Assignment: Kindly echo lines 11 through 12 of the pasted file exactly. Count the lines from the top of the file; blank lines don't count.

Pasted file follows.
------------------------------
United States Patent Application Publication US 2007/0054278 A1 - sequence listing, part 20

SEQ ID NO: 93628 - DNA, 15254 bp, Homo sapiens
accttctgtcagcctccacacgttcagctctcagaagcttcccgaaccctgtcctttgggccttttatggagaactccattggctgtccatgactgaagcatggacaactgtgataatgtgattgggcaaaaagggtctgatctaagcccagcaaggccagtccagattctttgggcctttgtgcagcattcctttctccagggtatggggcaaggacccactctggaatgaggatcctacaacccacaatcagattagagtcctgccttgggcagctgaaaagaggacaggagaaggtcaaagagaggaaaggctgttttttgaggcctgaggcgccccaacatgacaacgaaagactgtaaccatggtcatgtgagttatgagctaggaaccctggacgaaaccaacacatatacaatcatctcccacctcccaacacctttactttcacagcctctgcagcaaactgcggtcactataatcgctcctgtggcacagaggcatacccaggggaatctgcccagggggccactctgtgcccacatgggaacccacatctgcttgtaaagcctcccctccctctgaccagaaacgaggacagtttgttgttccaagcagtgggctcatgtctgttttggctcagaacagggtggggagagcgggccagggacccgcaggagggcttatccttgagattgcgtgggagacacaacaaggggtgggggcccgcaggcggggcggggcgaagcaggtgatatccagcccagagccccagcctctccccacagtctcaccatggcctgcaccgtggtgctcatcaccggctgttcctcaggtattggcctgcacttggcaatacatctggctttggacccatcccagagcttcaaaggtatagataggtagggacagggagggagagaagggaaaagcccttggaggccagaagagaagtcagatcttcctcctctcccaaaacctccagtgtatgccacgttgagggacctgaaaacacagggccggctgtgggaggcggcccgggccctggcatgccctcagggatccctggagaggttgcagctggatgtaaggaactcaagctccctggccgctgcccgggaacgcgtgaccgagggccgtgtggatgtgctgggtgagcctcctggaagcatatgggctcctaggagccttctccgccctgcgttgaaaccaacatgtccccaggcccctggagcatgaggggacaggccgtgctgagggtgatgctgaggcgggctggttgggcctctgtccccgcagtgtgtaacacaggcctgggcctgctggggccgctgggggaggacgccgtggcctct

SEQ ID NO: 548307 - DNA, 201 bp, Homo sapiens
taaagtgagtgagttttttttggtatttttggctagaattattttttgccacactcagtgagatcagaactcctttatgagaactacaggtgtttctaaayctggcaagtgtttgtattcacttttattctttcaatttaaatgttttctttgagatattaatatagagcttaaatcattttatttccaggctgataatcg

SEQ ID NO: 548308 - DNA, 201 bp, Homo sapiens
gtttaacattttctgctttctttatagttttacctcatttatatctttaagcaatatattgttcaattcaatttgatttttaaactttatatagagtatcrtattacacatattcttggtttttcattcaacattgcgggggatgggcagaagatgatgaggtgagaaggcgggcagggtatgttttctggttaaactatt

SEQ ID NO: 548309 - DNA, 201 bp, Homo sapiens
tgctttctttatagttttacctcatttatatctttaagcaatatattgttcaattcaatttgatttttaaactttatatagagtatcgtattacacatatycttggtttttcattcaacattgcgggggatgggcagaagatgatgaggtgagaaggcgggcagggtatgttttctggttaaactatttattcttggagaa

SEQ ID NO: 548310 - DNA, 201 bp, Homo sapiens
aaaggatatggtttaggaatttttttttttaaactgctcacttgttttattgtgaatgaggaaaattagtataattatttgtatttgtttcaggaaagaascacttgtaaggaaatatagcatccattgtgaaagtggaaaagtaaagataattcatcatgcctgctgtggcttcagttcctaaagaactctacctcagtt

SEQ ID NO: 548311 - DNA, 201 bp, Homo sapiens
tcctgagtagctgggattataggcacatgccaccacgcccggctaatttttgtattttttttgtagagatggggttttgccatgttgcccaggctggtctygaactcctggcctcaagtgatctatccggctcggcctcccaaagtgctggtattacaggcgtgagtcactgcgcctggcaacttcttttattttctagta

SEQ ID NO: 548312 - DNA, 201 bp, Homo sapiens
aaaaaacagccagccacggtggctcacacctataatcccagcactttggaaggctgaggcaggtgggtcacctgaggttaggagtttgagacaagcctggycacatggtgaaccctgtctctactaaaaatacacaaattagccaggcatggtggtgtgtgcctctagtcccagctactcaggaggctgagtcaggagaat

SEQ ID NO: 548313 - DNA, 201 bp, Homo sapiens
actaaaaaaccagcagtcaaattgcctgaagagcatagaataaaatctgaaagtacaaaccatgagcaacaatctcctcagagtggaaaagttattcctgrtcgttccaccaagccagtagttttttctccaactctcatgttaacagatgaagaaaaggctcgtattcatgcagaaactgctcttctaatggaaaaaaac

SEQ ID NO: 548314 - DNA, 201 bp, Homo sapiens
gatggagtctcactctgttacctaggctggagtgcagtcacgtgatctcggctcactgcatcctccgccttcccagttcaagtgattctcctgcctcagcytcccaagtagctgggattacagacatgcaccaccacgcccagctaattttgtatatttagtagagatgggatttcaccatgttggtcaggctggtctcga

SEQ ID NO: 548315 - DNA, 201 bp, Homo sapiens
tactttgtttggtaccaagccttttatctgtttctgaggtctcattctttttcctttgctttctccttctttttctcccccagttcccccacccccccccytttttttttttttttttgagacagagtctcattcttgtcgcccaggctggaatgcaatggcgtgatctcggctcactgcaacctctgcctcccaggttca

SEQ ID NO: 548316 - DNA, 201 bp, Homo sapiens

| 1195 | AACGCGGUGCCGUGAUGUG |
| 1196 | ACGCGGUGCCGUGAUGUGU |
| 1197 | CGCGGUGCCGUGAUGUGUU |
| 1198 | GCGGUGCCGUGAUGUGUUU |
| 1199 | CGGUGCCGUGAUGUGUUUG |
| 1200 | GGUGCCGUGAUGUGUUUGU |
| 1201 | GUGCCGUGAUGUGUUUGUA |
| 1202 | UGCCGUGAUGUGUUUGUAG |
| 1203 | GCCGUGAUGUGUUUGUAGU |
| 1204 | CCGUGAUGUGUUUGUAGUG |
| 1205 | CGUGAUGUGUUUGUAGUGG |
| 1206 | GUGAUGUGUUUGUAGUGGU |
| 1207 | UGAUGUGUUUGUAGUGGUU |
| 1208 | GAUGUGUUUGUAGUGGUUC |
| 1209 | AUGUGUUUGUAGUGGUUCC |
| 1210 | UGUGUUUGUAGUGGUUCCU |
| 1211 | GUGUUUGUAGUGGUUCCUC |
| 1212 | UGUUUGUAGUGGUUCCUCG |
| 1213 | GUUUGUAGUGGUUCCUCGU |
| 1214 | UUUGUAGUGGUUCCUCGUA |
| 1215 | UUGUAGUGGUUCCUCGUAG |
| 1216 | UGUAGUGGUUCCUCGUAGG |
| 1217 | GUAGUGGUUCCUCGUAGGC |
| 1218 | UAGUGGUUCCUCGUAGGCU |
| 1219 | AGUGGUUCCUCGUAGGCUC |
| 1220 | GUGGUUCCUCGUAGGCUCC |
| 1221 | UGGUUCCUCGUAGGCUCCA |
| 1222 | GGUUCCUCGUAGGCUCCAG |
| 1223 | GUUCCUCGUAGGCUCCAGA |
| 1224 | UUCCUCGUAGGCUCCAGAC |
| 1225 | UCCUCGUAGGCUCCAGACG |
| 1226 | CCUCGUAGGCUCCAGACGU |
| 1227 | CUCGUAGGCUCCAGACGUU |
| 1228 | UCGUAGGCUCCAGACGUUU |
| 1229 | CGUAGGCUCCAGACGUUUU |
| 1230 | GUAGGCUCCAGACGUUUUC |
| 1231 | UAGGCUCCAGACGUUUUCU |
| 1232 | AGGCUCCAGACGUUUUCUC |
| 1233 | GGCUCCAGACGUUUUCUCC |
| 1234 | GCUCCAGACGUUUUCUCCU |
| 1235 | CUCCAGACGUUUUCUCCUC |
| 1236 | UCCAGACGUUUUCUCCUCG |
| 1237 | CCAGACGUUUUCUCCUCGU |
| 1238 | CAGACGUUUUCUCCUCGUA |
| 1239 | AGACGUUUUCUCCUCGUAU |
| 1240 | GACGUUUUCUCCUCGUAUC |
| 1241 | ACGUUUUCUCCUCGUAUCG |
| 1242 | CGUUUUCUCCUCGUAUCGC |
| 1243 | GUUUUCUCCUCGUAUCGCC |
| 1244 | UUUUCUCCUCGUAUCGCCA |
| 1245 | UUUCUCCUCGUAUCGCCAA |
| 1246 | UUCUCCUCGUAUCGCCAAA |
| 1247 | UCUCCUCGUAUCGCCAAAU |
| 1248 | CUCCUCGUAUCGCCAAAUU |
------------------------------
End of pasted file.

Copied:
aaaggatatggtttaggaatttttttttttaaactgctcacttgttttattgtgaatgaggaaaattagtataattatttgtatttgtttcaggaaagaascacttgtaaggaaatatagcatccattgtgaaagtggaaaagtaaagataattcatcatgcctgctgtggcttcagttcctaaagaactctacctcagtt

SEQ ID NO: 548311 - DNA, 201 bp, Homo sapiens